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I got my introduction to collage from my fifth grade teacher, Mrs. Feinstein. Her art classes were magical to me. Who else would try to get children to recreate the Aztec calendar stone in plaster of Paris? We didn't do too well, but I was entranced as much by the images to which Mrs. Feinstein introduced us, and by her enthusiasm, as by anything we might have attempted.
Check out The International Museum of Collage, Assemblage and Construction, which has terrific artistic links and resources. Creative Collage Techniques, by Nita Leland and Virginia Lee Williams, is a wonderful sourcebook for collage and papermaking. Nita Leland's site is a treasure-trove of creative resources as well.
My work was exhibited at the Goddess 2000 exhibit at the Zeitgeist Gallery, Cambridge, Massachusetts, in August 2000 and at a group show (Enigma of the Goddess) at the Massachusetts College of Art in August 2002. In April-May 2001 I participated in an Earth Day exhibit at A Strong Cup of Coffee in Dorchester, Massachusetts -- featuring art made from found and recycled objects. I showed 14 works at A Strong Cup of Coffee in November 2001-January 2002. As part of the Dorchester Arts Collaborative I helped coordinate the first Dorchester Open Studios, October 26 and 27, 2002. After moving to Florida I became involved in the Citrus County Art League and have participated in several shows.
She Who Dwells Within
Mixed media on wood (top and bottom details are shown to the right). The mirror on her forehead in the top detail reflects a "5" from a wall calendar. The sunburst patterns at the top of the board are fabric. The shiny portions in the upper left are parts of a CD. The goddess's hair is a mixture of Mary's hair and mine, and shed fur from our cats Daisy & Red. (The goddess is primordial; she's not supposed to have a good hair day.) Other objects here include white pigeon feathers, seed pods, bark, sweetgum burrs, rope, and acrylic paint mixed with modeling paste and gloss gel.
Using paper pulp as sculpting material, I started fashioning cats. I made the black cat with white rear paws to match the cat belonging to the person who purchased that particular sculpture; the real cat is shown on the photographed computer screen.
Crone Goddess in blue, followed by Conjuring Goddess in red. More paper pulp this time, trying out new forms. As a child, I had taken an old Barbie doll, removed her fake hair, glued on my own, and dressed her up to look like a fantasy protectress who had "come to me." Unlike the limitations inherent in re-casting a Barbie doll, these goddesses dictated their own forms. Conjuring Goddess currently resides at the Cambridge Women's Center. The Amazon is my first standing sculpture, pictured here with the others. Her arrows are made from toothpicks, and are fletched with snippets of pigeon feather.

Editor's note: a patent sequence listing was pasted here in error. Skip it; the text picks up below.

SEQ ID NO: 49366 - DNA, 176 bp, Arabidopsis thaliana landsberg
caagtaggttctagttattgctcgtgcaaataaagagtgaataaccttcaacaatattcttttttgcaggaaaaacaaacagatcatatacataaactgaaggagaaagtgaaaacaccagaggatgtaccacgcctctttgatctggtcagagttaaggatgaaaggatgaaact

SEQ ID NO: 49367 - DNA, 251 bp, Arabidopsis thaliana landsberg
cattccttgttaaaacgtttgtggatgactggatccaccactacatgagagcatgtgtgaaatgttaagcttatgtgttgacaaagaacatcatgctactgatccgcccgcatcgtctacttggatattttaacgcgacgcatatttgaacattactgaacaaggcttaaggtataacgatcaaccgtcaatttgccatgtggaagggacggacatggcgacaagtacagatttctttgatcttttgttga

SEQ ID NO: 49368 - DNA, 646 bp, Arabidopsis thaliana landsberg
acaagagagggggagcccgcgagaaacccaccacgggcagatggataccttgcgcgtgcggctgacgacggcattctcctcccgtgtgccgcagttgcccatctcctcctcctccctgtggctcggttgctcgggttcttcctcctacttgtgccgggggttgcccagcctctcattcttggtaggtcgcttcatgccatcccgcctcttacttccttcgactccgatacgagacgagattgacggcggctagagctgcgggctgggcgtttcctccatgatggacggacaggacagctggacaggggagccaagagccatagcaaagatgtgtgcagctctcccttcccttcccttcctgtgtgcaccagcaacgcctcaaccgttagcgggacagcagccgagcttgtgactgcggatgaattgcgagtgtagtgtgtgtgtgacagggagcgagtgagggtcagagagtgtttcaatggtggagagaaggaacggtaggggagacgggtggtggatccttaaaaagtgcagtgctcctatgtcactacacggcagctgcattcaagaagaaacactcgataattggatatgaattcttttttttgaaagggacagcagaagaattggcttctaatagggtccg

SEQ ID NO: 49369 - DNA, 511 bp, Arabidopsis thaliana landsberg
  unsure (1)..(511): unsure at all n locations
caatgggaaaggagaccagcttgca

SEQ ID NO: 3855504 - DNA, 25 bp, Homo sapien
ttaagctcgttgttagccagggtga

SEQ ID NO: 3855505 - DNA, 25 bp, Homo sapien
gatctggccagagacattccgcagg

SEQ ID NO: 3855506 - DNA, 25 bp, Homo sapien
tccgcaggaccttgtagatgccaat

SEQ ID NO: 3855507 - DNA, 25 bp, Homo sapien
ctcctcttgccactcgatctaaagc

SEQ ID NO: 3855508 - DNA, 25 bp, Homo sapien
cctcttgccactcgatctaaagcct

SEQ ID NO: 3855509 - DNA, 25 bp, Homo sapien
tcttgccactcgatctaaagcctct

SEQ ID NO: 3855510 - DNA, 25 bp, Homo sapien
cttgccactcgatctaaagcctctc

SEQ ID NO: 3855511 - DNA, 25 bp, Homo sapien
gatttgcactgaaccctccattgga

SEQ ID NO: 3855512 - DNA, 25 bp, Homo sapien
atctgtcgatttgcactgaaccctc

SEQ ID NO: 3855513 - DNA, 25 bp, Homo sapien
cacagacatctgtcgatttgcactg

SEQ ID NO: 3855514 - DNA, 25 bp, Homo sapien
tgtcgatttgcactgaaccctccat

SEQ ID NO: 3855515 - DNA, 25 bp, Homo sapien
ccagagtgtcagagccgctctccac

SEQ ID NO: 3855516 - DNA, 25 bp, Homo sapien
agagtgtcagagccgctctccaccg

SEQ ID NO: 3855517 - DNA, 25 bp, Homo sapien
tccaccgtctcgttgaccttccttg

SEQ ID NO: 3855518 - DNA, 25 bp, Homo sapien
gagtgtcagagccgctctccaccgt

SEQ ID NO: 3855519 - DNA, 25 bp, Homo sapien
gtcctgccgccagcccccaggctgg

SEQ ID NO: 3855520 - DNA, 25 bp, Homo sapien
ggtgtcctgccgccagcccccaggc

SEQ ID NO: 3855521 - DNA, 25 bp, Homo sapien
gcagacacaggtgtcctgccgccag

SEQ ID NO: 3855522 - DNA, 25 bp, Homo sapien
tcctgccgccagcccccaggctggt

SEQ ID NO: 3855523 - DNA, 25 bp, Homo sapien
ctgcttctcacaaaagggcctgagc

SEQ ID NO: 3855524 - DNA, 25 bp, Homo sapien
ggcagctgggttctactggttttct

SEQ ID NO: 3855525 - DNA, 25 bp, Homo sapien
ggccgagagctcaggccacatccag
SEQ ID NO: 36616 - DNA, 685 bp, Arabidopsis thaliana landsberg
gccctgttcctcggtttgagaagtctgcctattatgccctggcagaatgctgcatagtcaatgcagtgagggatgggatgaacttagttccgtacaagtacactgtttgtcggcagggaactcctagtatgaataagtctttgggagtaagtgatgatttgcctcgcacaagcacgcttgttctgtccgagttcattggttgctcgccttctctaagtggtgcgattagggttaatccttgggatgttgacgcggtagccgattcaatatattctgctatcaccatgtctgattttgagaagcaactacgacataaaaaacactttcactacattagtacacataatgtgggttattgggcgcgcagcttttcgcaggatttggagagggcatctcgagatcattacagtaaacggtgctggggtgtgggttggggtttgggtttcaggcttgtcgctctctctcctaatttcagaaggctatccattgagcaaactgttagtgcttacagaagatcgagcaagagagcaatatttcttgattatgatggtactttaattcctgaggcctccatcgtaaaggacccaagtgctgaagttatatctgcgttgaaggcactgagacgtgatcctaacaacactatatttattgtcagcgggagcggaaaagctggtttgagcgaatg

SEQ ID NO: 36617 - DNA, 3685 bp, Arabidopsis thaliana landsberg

In May 2000 I found a large treasure trove of "trash" put out at the curb, including pieces of a folding closet door. The piece I used for Totem was 1 by 7 feet, and had a hole seemingly kicked into it. I turned the door upside down and transformed the hole into a bird's nest, housing 3 baby birds in a combination of white pigeon fluff and shed cat fur. Mama bird is a pulp sculpture stuck with adult pigeon feathers. The mirror pieces in the sun/moon combination came from the curb as well. The rest is sculpted paper pulp.
I created this menorah in electronic collage, as my Chanukah card for 1999/5760. Its base is a small menorah that I have had since early childhood, that is backdropped by a full moon. Its candles are represented by Astraea, the ancient Roman goddess of holy law, or Libra (my birth sign). The candle flames hold aloft images of the Earth. The Shamash, or central candle, is represented by the double-helix of DNA and topped by an image of the sun.
I shot picture after picture of a sky resplendent with cumulus clouds, then used an X-Acto knife to cut the photos to match the shapes of glass pieces found at Dorchester Bay. The base is made from a photo enlargement sandwiched between two pieces of plate glass found on the curb. Before the "Tower of Babel" was built in an attempt to reach the heavens, and since, clouds have been building their own, three-dimensional towers in the sky -- hence the title.
Mixed media on homemade paper. I turned discarded office paper into pulp, and mixed that for the bottom layer with red acrylic paint, then embedded small pigeon feathers as it dried. I embedded dry grass in the top layer. The bird image was lifted from its original printed advertisement onto layers of gloss medium. Three pigeon feathers, their quills under a piece of textured glass found at Dorchester Bay during low tide, are attached to the homemade paper with gloss gel. I made the hanging apparatus from rope painted crimson alizarin, attached via slipknots and gloss medium to a chopstick painted the same color.